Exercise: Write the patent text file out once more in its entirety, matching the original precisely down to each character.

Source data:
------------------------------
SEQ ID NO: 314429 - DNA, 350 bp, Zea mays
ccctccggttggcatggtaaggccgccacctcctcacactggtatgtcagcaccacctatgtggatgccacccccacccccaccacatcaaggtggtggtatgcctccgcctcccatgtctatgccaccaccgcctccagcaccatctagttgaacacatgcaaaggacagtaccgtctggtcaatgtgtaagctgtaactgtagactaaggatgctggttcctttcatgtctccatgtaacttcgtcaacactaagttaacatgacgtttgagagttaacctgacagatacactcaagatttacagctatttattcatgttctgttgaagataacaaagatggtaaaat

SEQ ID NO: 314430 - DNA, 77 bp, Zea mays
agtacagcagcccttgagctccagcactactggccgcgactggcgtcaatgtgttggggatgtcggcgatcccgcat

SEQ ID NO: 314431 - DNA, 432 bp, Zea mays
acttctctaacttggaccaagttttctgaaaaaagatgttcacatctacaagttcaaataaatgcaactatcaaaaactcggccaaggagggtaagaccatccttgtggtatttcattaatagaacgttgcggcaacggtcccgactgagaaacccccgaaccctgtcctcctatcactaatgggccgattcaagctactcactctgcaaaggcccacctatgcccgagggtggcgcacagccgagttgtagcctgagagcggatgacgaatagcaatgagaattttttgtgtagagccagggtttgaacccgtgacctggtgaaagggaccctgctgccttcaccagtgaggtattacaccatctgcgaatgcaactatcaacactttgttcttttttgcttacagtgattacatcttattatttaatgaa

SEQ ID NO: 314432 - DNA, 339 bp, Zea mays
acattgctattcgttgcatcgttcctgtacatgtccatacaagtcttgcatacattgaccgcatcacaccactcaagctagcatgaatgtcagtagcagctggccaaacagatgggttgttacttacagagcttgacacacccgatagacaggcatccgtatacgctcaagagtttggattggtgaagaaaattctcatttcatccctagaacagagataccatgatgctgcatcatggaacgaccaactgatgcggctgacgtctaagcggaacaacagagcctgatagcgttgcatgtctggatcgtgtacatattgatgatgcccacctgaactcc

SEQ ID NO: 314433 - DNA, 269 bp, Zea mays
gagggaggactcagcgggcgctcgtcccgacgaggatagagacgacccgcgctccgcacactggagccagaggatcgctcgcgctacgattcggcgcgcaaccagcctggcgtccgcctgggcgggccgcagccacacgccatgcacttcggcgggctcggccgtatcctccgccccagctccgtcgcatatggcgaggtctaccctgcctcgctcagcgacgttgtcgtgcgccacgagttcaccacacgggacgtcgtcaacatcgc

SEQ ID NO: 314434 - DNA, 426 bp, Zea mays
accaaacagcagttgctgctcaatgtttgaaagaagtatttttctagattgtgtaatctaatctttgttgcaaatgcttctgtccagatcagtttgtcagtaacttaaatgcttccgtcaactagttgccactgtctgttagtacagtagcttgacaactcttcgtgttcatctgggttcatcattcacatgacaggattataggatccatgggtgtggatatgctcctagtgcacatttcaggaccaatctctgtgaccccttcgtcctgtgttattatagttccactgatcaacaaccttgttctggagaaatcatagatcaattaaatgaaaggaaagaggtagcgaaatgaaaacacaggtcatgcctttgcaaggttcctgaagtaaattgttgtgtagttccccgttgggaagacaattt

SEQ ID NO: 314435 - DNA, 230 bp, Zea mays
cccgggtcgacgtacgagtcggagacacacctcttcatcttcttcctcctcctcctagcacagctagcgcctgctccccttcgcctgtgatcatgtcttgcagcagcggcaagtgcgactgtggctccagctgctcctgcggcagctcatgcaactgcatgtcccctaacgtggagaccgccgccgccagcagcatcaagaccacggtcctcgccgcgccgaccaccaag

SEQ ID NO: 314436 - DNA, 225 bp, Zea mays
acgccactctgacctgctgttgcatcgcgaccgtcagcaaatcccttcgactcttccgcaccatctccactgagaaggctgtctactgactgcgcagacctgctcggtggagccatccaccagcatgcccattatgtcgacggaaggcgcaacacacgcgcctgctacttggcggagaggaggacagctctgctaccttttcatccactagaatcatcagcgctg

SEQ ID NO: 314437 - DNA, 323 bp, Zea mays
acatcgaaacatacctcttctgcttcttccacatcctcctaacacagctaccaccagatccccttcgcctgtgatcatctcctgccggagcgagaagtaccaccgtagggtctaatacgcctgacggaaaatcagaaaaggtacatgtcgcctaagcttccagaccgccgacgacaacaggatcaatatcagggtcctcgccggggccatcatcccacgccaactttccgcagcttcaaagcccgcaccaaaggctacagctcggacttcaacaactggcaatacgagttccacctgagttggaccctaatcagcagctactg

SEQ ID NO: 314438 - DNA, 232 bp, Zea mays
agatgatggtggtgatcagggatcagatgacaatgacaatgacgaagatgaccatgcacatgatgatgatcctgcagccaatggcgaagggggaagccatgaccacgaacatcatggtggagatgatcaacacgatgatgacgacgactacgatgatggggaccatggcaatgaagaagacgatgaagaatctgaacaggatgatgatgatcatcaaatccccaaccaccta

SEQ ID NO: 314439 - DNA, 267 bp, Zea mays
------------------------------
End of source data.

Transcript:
SEQ ID NO: 314429 - DNA, 350 bp, Zea mays
ccctccggttggcatggtaaggccgccacctcctcacactggtatgtcagcaccacctatgtggatgccacccccacccccaccacatcaaggtggtggtatgcctccgcctcccatgtctatgccaccaccgcctccagcaccatctagttgaacacatgcaaaggacagtaccgtctggtcaatgtgtaagctgtaactgtagactaaggatgctggttcctttcatgtctccatgtaacttcgtcaacactaagttaacatgacgtttgagagttaacctgacagatacactcaagatttacagctatttattcatgttctgttgaagataacaaagatggtaaaat

SEQ ID NO: 314430 - DNA, 77 bp, Zea mays
agtacagcagcccttgagctccagcactactggccgcgactggcgtcaatgtgttggggatgtcggcgatcccgcat

SEQ ID NO: 314431 - DNA, 432 bp, Zea mays
acttctctaacttggaccaagttttctgaaaaaagatgttcacatctacaagttcaaataaatgcaactatcaaaaactcggccaaggagggtaagaccatccttgtggtatttcattaatagaacgttgcggcaacggtcccgactgagaaacccccgaaccctgtcctcctatcactaatgggccgattcaagctactcactctgcaaaggcccacctatgcccgagggtggcgcacagccgagttgtagcctgagagcggatgacgaatagcaatgagaattttttgtgtagagccagggtttgaacccgtgacctggtgaaagggaccctgctgccttcaccagtgaggtattacaccatctgcgaatgcaactatcaacactttgttcttttttgcttacagtgattacatcttattatttaatgaa

SEQ ID NO: 314432 - DNA, 339 bp, Zea mays
acattgctattcgttgcatcgttcctgtacatgtccatacaagtcttgcatacattgaccgcatcacaccactcaagctagcatgaatgtcagtagcagctggccaaacagatgggttgttacttacagagcttgacacacccgatagacaggcatccgtatacgctcaagagtttggattggtgaagaaaattctcatttcatccctagaacagagataccatgatgctgcatcatggaacgaccaactgatgcggctgacgtctaagcggaacaacagagcctgatagcgttgcatgtctggatcgtgtacatattgatgatgcccacctgaactcc

SEQ ID NO: 314433 - DNA, 269 bp, Zea mays
gagggaggactcagcgggcgctcgtcccgacgaggatagagacgacccgcgctccgcacactggagccagaggatcgctcgcgctacgattcggcgcgcaaccagcctggcgtccgcctgggcgggccgcagccacacgccatgcacttcggcgggctcggccgtatcctccgccccagctccgtcgcatatggcgaggtctaccctgcctcgctcagcgacgttgtcgtgcgccacgagttcaccacacgggacgtcgtcaacatcgc

SEQ ID NO: 314434 - DNA, 426 bp, Zea mays
accaaacagcagttgctgctcaatgtttgaaagaagtatttttctagattgtgtaatctaatctttgttgcaaatgcttctgtccagatcagtttgtcagtaacttaaatgcttccgtcaactagttgccactgtctgttagtacagtagcttgacaactcttcgtgttcatctgggttcatcattcacatgacaggattataggatccatgggtgtggatatgctcctagtgcacatttcaggaccaatctctgtgaccccttcgtcctgtgttattatagttccactgatcaacaaccttgttctggagaaatcatagatcaattaaatgaaaggaaagaggtagcgaaatgaaaacacaggtcatgcctttgcaaggttcctgaagtaaattgttgtgtagttccccgttgggaagacaattt

SEQ ID NO: 314435 - DNA, 230 bp, Zea mays
cccgggtcgacgtacgagtcggagacacacctcttcatcttcttcctcctcctcctagcacagctagcgcctgctccccttcgcctgtgatcatgtcttgcagcagcggcaagtgcgactgtggctccagctgctcctgcggcagctcatgcaactgcatgtcccctaacgtggagaccgccgccgccagcagcatcaagaccacggtcctcgccgcgccgaccaccaag

SEQ ID NO: 314436 - DNA, 225 bp, Zea mays
acgccactctgacctgctgttgcatcgcgaccgtcagcaaatcccttcgactcttccgcaccatctccactgagaaggctgtctactgactgcgcagacctgctcggtggagccatccaccagcatgcccattatgtcgacggaaggcgcaacacacgcgcctgctacttggcggagaggaggacagctctgctaccttttcatccactagaatcatcagcgctg

SEQ ID NO: 314437 - DNA, 323 bp, Zea mays
acatcgaaacatacctcttctgcttcttccacatcctcctaacacagctaccaccagatccccttcgcctgtgatcatctcctgccggagcgagaagtaccaccgtagggtctaatacgcctgacggaaaatcagaaaaggtacatgtcgcctaagcttccagaccgccgacgacaacaggatcaatatcagggtcctcgccggggccatcatcccacgccaactttccgcagcttcaaagcccgcaccaaaggctacagctcggacttcaacaactggcaatacgagttccacctgagttggaccctaatcagcagctactg

SEQ ID NO: 314438 - DNA, 232 bp, Zea mays
agatgatggtggtgatcagggatcagatgacaatgacaatgacgaagatgaccatgcacatgatgatgatcctgcagccaatggcgaagggggaagccatgaccacgaacatcatggtggagatgatcaacacgatgatgacgacgactacgatgatggggaccatggcaatgaagaagacgatgaagaatctgaacaggatgatgatgatcatcaaatccccaaccaccta

SEQ ID NO: 314439 - DNA, 267 bp, Zea mays